Five Surprising Trends in Cybersecurity
The impact of GDPR, the increasing number of issues with shadow IT and the more advanced solutions for IoT devices are among the most surprising trends.
- By Michael Volkmann
- Aug 23, 2019
Cybersecurity has become one of the largest sectors in the tech industry. As such, cybersecurity has continued to develop surprising new technologies that are transforming the business landscape. This expansion has left some issues that need to be dealt with, however, amongst them being exploited devices and incomplete stock inventory.
The IoT has created a previously unthinkable world of interconnected devices that grants access to the internet across the globe. It has been, by all accounts, a resounding success. However, the IoT is not without its issues, as demonstrated by the number of unmanaged devices without cybersecurity connected to secured internet lines.
1. Managing unmanaged devices
Gone are the days of closed systems. When working in a group, company or any kind of organization, you’re dealing with many devices, some secured, some unsecured.
With the advent of the Internet of Things (the IoT), this problem has only worsened. In fact, many companies don’t even have an inventory of devices that are on their network. Obviously, this is troublesome.
However, cybersecurity professionals are implementing new strategies for managing these unsecured, unmanaged devices by cutting off open access points from sensitive data.
2. Integrating data protections a la GDPR
Europe has implemented data protections for all citizens. With the steady increase in data breaches, the general data protection regulation requires organizations to handle sensitive data with more care than in the past.
Read more: GDPR's Impact on Incident Response
3. Operationalizing small business security
Cybercrime has surged over 175 percent. With this rapid and pronounced increase in cybercrime, there are more incidents of small and medium businesses coming under attack.
Due to recent cyber crimes and major data breaches, smaller companies are beginning to understand the importance of implementing their own system for data protection and crisis management.
Read more: House Passes Two Bills Aimed at Improving Cybersecurity for Small Businesses
For smaller companies, enterprise cybersecurity can mean different things. For medical and law professionals, data should be managed with the utmost care: encrypted and seldom transferred.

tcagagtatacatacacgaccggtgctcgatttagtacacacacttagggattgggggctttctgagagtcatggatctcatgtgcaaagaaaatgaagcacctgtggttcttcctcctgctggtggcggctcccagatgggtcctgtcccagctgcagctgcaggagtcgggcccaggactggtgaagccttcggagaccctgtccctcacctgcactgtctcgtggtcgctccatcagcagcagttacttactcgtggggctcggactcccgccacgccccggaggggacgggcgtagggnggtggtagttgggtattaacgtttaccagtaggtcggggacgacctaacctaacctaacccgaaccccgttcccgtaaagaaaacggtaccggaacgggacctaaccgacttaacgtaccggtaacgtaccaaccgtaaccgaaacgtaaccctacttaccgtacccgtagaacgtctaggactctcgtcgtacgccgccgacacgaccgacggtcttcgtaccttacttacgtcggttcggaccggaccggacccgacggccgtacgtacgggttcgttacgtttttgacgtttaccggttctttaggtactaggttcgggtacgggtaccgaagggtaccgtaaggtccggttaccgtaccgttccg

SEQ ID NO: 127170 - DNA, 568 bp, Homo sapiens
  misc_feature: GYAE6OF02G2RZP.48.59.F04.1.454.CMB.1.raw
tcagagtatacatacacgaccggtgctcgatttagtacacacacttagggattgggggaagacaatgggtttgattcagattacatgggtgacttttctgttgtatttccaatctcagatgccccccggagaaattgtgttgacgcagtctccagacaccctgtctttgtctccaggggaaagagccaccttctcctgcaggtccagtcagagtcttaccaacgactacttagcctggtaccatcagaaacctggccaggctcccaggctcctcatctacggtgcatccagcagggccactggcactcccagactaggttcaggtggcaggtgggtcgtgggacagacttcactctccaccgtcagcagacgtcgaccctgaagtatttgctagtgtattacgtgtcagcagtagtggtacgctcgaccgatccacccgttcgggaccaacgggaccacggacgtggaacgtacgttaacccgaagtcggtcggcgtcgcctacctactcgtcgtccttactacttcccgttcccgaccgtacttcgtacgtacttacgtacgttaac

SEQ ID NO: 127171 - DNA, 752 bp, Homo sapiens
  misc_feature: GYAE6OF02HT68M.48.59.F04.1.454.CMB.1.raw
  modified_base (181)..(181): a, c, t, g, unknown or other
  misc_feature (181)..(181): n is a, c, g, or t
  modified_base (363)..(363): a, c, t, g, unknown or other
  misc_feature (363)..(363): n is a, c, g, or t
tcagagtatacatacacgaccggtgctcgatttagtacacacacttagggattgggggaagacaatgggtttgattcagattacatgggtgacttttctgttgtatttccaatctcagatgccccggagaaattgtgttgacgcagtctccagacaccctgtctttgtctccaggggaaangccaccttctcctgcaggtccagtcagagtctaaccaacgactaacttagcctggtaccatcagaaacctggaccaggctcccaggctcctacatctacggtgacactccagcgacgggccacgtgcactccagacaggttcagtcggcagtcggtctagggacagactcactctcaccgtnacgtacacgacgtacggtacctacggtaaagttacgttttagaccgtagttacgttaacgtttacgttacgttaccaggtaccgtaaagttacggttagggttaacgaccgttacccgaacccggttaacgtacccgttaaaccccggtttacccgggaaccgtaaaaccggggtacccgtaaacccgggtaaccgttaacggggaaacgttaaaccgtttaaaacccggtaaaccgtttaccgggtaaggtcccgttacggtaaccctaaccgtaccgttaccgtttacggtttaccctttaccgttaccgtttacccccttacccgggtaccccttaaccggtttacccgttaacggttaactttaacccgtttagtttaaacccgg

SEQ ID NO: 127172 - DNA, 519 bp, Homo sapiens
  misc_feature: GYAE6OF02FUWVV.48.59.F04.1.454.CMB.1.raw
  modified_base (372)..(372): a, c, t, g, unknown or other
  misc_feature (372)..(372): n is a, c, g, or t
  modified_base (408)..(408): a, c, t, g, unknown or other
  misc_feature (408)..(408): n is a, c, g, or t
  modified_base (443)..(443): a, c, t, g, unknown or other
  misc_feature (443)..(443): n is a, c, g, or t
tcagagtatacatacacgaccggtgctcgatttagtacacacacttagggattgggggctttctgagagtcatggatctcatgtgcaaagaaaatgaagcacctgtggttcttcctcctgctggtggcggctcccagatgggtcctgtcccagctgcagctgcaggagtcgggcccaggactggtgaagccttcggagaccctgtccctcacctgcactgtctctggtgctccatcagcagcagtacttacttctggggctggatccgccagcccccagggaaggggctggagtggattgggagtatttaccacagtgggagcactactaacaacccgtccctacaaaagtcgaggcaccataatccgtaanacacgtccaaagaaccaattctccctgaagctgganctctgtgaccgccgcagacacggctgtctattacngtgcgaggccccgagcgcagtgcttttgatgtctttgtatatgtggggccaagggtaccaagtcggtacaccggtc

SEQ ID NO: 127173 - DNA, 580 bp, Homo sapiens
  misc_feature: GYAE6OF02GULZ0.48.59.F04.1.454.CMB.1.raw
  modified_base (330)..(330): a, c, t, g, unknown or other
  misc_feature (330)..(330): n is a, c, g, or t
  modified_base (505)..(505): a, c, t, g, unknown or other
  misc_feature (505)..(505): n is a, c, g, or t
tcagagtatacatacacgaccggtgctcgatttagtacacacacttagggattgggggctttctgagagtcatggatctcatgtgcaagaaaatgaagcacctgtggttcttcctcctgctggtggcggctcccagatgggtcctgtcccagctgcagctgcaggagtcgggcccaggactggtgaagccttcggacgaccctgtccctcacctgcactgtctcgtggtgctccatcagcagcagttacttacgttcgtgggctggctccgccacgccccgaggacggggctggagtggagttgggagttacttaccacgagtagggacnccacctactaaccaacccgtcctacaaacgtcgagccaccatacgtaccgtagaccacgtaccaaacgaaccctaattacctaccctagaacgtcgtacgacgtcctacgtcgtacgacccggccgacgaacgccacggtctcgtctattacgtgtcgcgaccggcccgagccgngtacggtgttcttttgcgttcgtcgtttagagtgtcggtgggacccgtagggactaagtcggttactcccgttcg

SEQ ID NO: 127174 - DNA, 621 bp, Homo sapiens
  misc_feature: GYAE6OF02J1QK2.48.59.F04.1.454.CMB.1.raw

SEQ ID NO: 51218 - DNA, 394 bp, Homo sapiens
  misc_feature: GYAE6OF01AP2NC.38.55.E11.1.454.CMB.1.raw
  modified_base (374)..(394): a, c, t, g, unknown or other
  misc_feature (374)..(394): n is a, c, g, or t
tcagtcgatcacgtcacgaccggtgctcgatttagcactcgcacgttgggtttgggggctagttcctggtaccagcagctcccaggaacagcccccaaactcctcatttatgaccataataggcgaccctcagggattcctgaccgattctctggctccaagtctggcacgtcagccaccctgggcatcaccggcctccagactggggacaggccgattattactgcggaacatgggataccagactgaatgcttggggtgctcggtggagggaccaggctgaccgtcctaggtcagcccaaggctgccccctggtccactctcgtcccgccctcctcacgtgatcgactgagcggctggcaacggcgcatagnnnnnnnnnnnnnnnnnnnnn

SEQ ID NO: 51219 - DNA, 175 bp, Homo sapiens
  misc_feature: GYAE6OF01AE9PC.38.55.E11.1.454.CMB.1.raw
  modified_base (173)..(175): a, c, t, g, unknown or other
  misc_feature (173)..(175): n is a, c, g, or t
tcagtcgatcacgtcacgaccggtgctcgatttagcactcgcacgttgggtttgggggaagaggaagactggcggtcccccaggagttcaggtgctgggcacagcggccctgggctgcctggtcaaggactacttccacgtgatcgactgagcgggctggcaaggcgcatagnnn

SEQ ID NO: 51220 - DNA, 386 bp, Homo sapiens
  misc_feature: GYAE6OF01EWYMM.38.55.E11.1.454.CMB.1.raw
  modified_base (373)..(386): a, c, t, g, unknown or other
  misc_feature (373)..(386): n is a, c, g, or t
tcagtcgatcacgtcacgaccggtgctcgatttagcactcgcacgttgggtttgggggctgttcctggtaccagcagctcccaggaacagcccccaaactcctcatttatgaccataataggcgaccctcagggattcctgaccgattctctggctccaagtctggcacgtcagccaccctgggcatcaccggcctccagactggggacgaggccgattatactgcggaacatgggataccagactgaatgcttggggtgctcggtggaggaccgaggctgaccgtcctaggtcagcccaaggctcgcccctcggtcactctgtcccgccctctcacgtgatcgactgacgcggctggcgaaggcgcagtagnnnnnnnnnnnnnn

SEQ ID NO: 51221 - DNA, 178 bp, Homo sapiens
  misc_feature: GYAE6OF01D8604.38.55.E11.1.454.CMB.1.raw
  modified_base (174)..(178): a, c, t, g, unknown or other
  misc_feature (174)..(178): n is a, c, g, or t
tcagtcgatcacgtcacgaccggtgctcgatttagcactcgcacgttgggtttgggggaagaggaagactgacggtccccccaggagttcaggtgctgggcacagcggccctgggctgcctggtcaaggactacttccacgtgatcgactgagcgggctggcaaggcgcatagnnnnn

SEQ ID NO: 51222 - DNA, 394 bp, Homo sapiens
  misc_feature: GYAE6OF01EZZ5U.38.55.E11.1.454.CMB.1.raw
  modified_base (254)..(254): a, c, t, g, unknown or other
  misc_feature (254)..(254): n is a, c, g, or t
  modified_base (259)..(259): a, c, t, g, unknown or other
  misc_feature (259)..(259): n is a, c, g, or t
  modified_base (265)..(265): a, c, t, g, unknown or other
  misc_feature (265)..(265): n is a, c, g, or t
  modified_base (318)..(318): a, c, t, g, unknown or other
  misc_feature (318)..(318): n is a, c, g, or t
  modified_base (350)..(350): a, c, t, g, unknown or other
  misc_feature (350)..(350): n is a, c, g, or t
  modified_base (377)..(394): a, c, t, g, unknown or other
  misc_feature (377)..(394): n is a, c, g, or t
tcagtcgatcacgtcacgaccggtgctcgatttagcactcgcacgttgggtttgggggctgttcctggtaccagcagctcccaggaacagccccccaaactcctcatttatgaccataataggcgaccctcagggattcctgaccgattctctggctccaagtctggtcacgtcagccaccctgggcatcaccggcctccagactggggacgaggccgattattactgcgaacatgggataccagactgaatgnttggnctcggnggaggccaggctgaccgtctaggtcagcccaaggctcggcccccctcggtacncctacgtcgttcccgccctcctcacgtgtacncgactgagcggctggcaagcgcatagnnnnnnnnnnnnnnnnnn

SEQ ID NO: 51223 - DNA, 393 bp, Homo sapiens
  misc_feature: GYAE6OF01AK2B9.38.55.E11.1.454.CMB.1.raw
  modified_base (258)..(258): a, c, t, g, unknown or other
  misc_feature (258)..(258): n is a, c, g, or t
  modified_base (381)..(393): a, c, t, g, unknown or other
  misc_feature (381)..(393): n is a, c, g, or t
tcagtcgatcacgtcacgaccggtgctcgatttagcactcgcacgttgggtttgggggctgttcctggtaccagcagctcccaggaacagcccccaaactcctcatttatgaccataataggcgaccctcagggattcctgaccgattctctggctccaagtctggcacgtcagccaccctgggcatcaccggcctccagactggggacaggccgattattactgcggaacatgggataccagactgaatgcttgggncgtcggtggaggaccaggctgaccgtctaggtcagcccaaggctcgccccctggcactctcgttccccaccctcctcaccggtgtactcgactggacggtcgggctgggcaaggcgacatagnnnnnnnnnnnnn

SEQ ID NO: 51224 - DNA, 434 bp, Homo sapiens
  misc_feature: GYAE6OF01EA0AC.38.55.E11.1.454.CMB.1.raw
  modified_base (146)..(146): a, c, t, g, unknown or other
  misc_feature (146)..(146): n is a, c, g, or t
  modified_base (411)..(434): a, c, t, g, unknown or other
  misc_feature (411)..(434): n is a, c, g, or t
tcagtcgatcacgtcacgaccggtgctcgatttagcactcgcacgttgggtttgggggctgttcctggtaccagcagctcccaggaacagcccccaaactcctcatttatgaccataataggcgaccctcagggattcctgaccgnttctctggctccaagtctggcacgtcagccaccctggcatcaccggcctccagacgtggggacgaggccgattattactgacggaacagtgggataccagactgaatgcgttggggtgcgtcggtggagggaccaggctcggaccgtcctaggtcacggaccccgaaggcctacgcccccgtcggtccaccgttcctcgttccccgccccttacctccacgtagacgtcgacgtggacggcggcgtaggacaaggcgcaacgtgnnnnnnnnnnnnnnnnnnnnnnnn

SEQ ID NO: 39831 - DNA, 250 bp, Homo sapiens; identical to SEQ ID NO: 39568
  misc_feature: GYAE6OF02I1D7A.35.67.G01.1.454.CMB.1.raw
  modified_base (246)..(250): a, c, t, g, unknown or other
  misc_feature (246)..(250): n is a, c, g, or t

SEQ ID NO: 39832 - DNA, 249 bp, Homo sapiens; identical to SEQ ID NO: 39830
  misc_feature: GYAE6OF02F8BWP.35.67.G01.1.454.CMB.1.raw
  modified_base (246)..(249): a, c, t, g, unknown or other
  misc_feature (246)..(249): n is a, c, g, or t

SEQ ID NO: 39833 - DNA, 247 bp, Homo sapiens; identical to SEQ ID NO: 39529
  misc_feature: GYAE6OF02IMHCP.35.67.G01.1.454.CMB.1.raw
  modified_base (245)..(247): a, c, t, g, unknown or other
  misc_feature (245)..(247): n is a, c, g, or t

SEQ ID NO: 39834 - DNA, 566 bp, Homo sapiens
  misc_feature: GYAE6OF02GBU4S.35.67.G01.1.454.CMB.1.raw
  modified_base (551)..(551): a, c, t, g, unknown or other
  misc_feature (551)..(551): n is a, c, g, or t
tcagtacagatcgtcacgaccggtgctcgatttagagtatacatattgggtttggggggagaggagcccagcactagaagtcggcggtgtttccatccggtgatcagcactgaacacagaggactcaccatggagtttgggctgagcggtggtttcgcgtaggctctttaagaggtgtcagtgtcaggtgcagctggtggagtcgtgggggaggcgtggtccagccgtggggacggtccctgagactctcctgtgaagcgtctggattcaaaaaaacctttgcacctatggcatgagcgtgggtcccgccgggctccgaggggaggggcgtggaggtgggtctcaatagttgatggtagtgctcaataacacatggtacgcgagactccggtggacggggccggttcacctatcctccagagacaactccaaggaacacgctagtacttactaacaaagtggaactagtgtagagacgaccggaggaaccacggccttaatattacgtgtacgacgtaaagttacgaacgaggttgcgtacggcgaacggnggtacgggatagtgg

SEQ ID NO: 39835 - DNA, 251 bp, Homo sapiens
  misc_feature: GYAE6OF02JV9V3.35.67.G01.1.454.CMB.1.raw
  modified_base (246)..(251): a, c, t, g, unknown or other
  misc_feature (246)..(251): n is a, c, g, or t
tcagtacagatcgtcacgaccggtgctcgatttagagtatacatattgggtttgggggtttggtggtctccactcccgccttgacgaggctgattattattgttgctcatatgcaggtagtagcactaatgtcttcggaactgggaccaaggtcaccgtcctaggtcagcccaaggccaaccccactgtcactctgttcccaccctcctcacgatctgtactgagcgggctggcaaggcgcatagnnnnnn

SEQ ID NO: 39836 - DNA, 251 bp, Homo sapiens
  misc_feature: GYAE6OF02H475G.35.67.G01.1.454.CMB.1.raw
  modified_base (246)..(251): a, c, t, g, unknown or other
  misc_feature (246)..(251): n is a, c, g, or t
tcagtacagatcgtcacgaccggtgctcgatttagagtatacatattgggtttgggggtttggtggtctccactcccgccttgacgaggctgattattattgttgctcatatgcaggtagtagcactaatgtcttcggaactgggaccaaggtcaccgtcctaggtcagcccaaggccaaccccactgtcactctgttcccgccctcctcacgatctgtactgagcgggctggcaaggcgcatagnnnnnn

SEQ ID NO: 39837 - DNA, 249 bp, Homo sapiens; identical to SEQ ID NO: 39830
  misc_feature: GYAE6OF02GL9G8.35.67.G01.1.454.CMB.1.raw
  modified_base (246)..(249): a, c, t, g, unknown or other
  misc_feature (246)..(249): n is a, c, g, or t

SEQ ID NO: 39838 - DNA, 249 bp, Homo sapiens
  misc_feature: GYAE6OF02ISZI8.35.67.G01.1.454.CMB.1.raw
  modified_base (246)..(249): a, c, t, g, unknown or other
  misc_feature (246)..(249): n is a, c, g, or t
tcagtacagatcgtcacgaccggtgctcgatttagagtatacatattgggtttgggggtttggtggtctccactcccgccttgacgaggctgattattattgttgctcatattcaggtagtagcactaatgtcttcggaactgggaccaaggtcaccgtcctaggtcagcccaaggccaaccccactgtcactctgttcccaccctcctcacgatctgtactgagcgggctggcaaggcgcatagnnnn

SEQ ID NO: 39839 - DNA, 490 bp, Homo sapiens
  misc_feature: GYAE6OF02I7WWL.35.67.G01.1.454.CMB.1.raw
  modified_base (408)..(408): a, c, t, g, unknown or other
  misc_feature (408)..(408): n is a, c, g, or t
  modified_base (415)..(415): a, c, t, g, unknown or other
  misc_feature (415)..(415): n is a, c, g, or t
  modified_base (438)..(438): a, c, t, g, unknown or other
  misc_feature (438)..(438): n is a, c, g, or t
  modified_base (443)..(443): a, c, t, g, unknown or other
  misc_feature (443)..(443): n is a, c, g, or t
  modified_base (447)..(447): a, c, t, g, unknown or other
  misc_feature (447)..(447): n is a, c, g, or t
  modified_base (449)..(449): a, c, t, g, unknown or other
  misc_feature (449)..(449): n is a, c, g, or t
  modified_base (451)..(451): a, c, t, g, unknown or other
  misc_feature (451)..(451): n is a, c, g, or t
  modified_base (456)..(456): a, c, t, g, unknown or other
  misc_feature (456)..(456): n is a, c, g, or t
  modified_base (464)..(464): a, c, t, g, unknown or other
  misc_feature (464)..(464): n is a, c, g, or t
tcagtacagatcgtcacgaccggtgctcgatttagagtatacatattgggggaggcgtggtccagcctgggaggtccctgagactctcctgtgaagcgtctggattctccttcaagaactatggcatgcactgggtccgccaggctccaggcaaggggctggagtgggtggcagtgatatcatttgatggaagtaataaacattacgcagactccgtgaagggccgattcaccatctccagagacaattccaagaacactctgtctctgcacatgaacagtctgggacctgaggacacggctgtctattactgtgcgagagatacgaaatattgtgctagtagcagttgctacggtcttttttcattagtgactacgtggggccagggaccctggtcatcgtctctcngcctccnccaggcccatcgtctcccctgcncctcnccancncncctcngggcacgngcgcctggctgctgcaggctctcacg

4. An increasing number of problems with shadow IT
Updating your IT systems is incredibly important. Many companies do update their operating systems, databases, and protocols. However, they may leave traces of the old systems active, creating a secondary unseen system or “shadow IT system” that is unprotected, unsupported, and unsupervised.
As companies upgrade, update and replace aging systems, it’s going to increase the number of vulnerabilities that are possible, therefore increasing the attention paid to managing shadow IT systems.
5. More advanced solutions for protecting IoT access points
Managing unmanaged devices and protecting data from vulnerabilities due to shadow IT systems are facets of a growing trend. As the number of devices on a network proliferates, the amount of data surges and the number of transfers and exchanges expands, new solutions for protection are necessary.
Namely, cybersecurity professionals are aiming their sights on supervising the unsupervised. One way to protect open access points is to simply have protocols in place that essentially unlink access points from sensitive data in the event of a breach.
The onboarding of millions of unmanaged devices has created millions of exploitable gaps that can be infiltrated by malicious hackers. Solving the issue is not a simple equation, but a start would be taking a complete inventory of managed devices.
A shocking 15 percent of businesses reported having a complete list of their connected devices. This leaves their network and other users subject to the whims of hackers at any time due to unmanaged devices. Expect these two issues to come up often as cybersecurity continues its forward march. Luckily, the GDPR has ordered businesses to protect consumer privacy, no matter the cost.
Then there are the issues of shadow IT that continue to cause massive problems for internet users. Old tech covered up by new technology is a recipe for cybersecurity catastrophe. It leaves security holes for the internal system and the external users. This can easily be accomplished by simply switching off noncompliant technologies and replacing them with cloud technologies.
Overall, it tends to be cheaper to transfer the data and dispose of old technology as an incentive to become more secure. A good deal of rising trends deal with the IoT access points and securing those by whatever means necessary.